Canada Tax: CRA Revised “Sprinkling” Proposals And What “Kiddie Tax” Really Means

The “sprinkling” proposals issued in July 2017 were amended in December 2017 effective for the 2018 taxation year.

As you may recall, the July proposals were designed to tax at the top rate, individuals now over age 18 who are in receipt on what is called “split income” or TOSI (tax on split income). Before 2018, the TOSI was called a “kiddie tax.”

For 2018, the TOSI rules extend to family members who are not active in the business that are receiving dividend income on any type of shares they hold and on capital gains on the sale of shares that are not qualified small business corporation shares. The pre-2018 rules applying to those under age 18 did not extend to capital gains on the sale of shares.

The rules will extend to income derived indirectly from a family trust however the initial proposal to deny the multiplication of the capital gains exemption to beneficiaries has been removed and other previously proposed complexities.
Family members for purposes of the revised rules will not extend to aunts, uncles, nieces and nephews.

To simplify matters, the December revisions provide for certain exclusions for those who hold shares of an “excluded business”, hold “excluded shares”, or the payment qualifies as a “reasonable return.”

The first test has a 20-hour work week with some limitations.
The second test excludes payor corporations if it earns less than 90% of its business income from the provision of services, and it is not a professional corporation, and the individual is over age 25 and owns shares with 10% votes and value.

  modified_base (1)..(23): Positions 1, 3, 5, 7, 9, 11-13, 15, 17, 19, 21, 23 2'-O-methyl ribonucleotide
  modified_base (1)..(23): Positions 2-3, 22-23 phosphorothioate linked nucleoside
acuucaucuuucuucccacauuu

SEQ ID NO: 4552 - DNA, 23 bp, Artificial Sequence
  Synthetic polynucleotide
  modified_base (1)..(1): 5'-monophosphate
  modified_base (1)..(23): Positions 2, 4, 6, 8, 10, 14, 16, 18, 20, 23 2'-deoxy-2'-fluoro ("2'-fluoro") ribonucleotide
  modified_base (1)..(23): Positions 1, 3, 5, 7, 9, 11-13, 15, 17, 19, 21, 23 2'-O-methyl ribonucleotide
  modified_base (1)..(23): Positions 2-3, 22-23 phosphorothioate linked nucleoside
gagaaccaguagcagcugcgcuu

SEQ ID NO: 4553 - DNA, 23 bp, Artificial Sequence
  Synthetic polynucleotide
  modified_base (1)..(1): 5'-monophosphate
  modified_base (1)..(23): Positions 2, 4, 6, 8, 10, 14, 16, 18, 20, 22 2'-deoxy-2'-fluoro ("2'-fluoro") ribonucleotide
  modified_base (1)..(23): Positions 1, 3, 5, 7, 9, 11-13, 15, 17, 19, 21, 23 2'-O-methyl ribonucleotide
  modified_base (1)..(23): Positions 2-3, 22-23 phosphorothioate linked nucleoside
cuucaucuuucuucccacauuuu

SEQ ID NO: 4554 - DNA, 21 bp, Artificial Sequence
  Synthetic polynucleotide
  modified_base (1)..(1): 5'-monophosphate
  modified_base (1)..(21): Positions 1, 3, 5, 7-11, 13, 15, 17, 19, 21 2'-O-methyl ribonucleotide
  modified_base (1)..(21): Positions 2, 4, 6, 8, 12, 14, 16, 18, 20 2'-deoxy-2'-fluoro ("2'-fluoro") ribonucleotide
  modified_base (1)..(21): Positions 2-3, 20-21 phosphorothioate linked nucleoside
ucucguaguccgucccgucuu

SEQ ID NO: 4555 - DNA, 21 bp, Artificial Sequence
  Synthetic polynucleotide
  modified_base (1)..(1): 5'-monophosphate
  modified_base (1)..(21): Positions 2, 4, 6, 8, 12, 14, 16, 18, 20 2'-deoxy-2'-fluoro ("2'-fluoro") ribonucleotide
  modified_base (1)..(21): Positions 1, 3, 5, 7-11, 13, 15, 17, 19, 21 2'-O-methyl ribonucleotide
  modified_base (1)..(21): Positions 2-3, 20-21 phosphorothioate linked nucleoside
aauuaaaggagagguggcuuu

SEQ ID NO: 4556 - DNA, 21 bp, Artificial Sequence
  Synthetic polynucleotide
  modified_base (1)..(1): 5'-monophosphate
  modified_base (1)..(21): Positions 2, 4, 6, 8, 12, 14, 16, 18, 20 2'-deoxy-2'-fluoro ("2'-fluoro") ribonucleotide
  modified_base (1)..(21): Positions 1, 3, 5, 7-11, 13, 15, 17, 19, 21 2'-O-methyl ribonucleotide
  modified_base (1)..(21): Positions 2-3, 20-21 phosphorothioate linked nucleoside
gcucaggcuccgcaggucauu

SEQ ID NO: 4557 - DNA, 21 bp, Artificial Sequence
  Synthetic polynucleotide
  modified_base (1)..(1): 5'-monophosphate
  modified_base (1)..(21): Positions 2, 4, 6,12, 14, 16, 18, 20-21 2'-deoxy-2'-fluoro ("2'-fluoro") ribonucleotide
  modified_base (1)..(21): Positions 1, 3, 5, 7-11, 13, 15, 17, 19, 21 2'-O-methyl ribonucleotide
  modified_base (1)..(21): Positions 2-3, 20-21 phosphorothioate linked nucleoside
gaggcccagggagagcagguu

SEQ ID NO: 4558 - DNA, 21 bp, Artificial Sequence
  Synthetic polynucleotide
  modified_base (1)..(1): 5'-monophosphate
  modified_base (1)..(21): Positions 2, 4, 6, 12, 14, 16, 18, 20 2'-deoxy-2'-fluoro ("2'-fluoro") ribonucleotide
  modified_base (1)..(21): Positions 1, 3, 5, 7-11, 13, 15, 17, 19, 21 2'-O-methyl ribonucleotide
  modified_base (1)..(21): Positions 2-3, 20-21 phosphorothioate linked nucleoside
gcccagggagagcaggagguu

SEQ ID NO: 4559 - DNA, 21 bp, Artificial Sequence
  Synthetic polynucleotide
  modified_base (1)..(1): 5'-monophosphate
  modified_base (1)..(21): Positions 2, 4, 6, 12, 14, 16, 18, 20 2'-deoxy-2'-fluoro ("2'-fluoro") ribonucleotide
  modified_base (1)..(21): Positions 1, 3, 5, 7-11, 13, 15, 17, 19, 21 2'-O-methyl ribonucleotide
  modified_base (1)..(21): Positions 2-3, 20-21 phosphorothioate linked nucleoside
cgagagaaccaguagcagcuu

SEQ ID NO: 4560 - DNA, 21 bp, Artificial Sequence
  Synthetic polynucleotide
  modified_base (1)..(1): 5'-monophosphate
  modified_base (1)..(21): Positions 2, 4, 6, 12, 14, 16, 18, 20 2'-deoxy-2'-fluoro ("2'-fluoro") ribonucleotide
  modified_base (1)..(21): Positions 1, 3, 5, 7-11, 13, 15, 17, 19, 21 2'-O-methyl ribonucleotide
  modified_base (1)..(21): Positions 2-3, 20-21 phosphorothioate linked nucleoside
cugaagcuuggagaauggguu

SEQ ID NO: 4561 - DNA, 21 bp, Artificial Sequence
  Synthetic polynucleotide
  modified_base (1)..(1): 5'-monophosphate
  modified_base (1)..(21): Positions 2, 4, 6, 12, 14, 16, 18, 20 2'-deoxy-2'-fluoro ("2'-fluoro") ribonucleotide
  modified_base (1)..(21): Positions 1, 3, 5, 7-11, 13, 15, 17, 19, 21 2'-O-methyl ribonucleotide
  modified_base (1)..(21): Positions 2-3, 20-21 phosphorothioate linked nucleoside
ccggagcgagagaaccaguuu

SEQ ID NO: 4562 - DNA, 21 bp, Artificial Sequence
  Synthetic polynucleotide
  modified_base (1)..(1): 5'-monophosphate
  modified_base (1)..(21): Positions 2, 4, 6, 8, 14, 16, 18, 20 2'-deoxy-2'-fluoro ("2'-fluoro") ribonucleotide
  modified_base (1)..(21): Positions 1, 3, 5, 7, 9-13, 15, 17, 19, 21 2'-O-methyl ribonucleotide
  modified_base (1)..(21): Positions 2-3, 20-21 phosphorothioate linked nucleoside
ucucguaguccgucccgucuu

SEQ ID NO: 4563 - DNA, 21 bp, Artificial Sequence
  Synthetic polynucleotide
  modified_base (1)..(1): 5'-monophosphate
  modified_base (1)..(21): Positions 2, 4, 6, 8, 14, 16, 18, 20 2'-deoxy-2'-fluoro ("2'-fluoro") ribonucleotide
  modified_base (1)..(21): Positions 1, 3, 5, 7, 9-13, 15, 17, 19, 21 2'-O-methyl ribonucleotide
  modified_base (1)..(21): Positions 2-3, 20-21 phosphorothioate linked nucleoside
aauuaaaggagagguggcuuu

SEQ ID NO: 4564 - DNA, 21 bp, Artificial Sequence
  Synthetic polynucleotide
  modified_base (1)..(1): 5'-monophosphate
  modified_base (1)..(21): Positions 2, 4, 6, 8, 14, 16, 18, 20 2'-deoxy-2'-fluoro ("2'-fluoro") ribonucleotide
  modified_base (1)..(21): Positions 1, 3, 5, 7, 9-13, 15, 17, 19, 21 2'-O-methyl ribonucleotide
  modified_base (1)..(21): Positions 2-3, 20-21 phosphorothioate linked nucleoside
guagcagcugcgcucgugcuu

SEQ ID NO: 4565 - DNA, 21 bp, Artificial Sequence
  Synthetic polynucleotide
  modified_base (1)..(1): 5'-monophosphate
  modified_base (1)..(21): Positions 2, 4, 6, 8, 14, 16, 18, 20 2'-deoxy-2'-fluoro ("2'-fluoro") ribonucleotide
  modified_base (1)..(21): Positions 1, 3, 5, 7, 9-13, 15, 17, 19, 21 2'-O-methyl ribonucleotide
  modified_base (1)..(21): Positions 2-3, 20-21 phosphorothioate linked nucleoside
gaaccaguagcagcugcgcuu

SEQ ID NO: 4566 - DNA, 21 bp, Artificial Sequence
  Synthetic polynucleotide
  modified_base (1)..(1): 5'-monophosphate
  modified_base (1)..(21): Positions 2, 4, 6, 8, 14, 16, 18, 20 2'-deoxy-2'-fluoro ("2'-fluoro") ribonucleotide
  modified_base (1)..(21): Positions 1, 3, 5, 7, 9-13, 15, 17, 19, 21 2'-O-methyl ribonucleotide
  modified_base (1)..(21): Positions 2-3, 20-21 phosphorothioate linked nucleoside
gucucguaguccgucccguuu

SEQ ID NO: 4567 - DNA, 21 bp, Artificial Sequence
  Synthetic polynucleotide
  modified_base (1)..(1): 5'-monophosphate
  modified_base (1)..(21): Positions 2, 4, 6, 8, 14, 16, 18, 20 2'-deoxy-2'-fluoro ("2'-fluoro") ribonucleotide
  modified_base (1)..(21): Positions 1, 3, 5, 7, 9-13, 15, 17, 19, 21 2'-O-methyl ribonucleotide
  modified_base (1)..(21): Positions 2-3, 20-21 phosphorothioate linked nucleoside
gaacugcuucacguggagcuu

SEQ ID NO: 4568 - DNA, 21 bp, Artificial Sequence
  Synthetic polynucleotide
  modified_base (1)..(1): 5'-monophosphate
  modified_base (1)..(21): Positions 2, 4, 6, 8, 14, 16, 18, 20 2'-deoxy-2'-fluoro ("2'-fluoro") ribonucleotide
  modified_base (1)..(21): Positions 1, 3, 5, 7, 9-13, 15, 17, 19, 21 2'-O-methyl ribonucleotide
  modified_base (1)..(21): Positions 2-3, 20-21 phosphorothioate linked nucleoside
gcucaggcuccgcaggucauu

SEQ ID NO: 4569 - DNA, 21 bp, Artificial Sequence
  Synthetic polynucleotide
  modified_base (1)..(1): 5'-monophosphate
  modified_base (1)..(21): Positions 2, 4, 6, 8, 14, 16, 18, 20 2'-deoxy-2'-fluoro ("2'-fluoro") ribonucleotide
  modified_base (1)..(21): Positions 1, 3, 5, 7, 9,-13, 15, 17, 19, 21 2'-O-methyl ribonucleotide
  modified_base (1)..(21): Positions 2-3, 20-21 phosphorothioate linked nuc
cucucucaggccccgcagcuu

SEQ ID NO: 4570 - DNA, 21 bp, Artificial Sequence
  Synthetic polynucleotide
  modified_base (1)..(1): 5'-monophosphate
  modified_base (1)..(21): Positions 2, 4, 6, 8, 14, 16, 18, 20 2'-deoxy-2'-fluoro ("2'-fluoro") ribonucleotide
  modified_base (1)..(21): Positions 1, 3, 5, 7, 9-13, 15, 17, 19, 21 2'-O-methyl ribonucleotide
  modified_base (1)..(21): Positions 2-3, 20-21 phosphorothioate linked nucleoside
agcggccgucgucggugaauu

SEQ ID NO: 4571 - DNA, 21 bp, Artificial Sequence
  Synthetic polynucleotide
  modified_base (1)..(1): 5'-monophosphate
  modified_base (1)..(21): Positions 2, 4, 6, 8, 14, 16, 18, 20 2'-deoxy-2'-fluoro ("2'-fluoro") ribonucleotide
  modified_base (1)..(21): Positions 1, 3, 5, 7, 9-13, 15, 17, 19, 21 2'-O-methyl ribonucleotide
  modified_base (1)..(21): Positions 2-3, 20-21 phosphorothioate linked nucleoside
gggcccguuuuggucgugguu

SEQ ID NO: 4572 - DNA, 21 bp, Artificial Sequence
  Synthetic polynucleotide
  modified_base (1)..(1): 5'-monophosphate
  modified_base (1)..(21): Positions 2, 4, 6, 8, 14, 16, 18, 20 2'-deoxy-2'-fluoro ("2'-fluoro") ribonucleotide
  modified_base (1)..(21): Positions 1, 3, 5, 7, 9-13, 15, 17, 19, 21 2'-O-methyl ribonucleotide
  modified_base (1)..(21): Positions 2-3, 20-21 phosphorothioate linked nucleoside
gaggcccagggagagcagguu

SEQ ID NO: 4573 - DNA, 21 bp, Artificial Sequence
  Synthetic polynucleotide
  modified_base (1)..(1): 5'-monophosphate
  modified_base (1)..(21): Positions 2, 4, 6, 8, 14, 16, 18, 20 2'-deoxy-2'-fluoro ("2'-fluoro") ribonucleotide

On the third test, if the individual is over age 24, the income is not TOSI if the payment represents a “reasonable return” based on certain criteria. If the individual is age 18-24, there is a safe harbor capital return or now a reasonable return having regard to contributions of arm’s length capital.

TOSI exemptions also apply to income recipients who are retired if over age 64 if they would have qualified under the foregoing exclusions. The non-retired spouse who is not over 64 will qualify if the retired spouse over age 64 would have qualified. Exemptions also extend to those who have inherited property from individuals that were exempted from the TOSI rules.

The legislation will not apply the 2018 TOSI rules for 2018 where restructuring is done by the end of the year that would cause the shareholder to hold “excluded shares” at some time in 2018. In this regard, those individuals holding say non-voting discretionary special/preferred shares that can’t meet the “excluded business” test or hold their shares through a family trust will have to be part of a corporate reorganization that ultimately results in them directly holding shares (likely common shares) that represent in aggregate, 10% votes and value.

Every profile/situation is different and professional advice is highly recommended in dealing with the TOSI rules.

Have a question? Contact Larry Stolberg.

Your comments are always welcome!

Larry Stolberg, CPA, CA, CPA (South Carolina), has been practicing as a full-time tax specialist for over 30 years, in the Toronto, Ontario Canada and surrounding GTA area with primary emphasis on:

•Corporate restructuring for business owners
•Estate/succession planning
•U.S. expatriate and cross border issues
•Tax efficient planning that will achieve both your short and long term objectives

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